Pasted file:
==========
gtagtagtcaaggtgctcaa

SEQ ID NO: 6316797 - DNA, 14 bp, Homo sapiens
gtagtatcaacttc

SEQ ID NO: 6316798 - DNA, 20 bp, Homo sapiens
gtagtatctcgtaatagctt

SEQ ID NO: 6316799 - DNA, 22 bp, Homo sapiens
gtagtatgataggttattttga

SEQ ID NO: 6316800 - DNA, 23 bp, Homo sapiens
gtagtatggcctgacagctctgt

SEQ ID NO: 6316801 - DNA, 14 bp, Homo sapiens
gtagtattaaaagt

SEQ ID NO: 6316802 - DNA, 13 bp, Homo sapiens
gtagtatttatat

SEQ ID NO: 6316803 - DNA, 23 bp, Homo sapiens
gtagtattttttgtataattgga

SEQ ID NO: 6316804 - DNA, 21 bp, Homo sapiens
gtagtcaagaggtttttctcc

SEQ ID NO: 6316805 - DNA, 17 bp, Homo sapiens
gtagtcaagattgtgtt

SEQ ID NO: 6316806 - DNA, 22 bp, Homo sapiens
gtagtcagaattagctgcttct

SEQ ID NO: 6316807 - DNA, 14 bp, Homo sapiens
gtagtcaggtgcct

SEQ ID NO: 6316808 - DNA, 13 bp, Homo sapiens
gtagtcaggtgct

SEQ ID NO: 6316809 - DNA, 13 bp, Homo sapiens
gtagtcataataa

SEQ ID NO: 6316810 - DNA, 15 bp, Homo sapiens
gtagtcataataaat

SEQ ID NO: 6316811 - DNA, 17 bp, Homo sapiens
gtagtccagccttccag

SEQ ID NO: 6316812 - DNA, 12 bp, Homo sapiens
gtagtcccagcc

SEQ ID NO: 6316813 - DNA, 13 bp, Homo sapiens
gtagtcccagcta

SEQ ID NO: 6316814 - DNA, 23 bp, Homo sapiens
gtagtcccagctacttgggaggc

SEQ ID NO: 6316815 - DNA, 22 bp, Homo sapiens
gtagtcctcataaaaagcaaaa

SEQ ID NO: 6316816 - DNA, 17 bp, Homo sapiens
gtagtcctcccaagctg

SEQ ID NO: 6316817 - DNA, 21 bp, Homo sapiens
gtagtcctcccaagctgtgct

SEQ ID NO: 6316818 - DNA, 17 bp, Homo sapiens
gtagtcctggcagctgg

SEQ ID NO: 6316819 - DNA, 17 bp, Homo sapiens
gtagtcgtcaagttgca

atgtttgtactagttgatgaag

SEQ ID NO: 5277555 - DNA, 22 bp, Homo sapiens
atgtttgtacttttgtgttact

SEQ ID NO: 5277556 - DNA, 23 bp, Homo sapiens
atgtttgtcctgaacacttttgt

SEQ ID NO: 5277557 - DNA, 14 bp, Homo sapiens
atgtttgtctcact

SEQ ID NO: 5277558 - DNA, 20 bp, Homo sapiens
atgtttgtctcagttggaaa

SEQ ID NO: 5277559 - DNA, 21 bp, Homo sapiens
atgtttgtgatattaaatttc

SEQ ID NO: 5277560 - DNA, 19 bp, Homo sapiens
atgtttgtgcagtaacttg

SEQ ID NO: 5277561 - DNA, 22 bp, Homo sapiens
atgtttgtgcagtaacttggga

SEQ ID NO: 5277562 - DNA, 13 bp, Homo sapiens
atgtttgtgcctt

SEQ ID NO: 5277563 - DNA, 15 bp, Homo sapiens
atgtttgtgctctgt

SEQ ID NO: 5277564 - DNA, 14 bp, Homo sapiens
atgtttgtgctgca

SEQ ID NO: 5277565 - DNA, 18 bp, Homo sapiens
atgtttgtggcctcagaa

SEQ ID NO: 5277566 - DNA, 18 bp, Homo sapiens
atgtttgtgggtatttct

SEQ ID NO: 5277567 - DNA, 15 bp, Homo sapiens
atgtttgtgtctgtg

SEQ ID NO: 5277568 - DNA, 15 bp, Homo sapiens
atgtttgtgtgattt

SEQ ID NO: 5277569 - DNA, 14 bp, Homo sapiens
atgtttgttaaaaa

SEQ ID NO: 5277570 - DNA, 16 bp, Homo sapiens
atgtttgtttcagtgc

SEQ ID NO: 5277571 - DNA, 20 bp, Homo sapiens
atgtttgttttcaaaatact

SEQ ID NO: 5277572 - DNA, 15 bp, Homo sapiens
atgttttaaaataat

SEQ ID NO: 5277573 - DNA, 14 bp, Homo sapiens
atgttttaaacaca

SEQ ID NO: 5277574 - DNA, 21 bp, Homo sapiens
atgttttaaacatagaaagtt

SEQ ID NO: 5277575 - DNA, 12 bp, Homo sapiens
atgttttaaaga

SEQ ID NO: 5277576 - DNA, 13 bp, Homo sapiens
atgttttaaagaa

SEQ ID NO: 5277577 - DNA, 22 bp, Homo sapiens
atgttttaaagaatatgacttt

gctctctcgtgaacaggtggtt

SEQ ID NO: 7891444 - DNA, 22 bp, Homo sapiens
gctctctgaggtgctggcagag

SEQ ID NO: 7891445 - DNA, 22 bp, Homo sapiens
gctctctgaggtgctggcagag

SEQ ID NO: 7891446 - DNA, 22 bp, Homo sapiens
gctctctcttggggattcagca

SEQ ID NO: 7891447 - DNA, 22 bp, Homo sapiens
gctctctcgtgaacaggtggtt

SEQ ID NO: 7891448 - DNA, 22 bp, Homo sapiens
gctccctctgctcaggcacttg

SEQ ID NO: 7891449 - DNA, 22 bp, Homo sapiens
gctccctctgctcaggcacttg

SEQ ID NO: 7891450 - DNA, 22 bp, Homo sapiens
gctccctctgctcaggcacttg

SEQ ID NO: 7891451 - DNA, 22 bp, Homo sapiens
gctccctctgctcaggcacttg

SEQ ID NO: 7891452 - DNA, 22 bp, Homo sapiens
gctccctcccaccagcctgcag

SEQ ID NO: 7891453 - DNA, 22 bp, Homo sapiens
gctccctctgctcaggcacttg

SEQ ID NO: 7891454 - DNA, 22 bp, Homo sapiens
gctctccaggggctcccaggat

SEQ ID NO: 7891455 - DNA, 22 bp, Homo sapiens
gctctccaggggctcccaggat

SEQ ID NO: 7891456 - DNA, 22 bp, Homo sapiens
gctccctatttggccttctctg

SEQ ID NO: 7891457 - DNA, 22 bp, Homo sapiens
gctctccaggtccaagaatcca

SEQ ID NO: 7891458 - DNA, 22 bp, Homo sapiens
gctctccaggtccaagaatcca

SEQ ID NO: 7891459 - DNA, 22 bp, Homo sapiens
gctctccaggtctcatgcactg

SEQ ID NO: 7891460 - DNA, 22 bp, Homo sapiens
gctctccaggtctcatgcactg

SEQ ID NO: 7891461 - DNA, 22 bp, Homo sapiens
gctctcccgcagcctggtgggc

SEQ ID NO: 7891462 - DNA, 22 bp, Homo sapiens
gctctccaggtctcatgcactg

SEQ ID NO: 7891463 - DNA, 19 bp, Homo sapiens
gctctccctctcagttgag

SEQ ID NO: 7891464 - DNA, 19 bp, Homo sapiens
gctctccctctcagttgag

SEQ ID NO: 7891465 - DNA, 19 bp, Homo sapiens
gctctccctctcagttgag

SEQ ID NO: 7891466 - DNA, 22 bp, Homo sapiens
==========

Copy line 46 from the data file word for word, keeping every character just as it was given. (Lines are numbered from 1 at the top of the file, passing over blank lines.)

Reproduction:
SEQ ID NO: 6316819 - DNA, 17 bp, Homo sapiens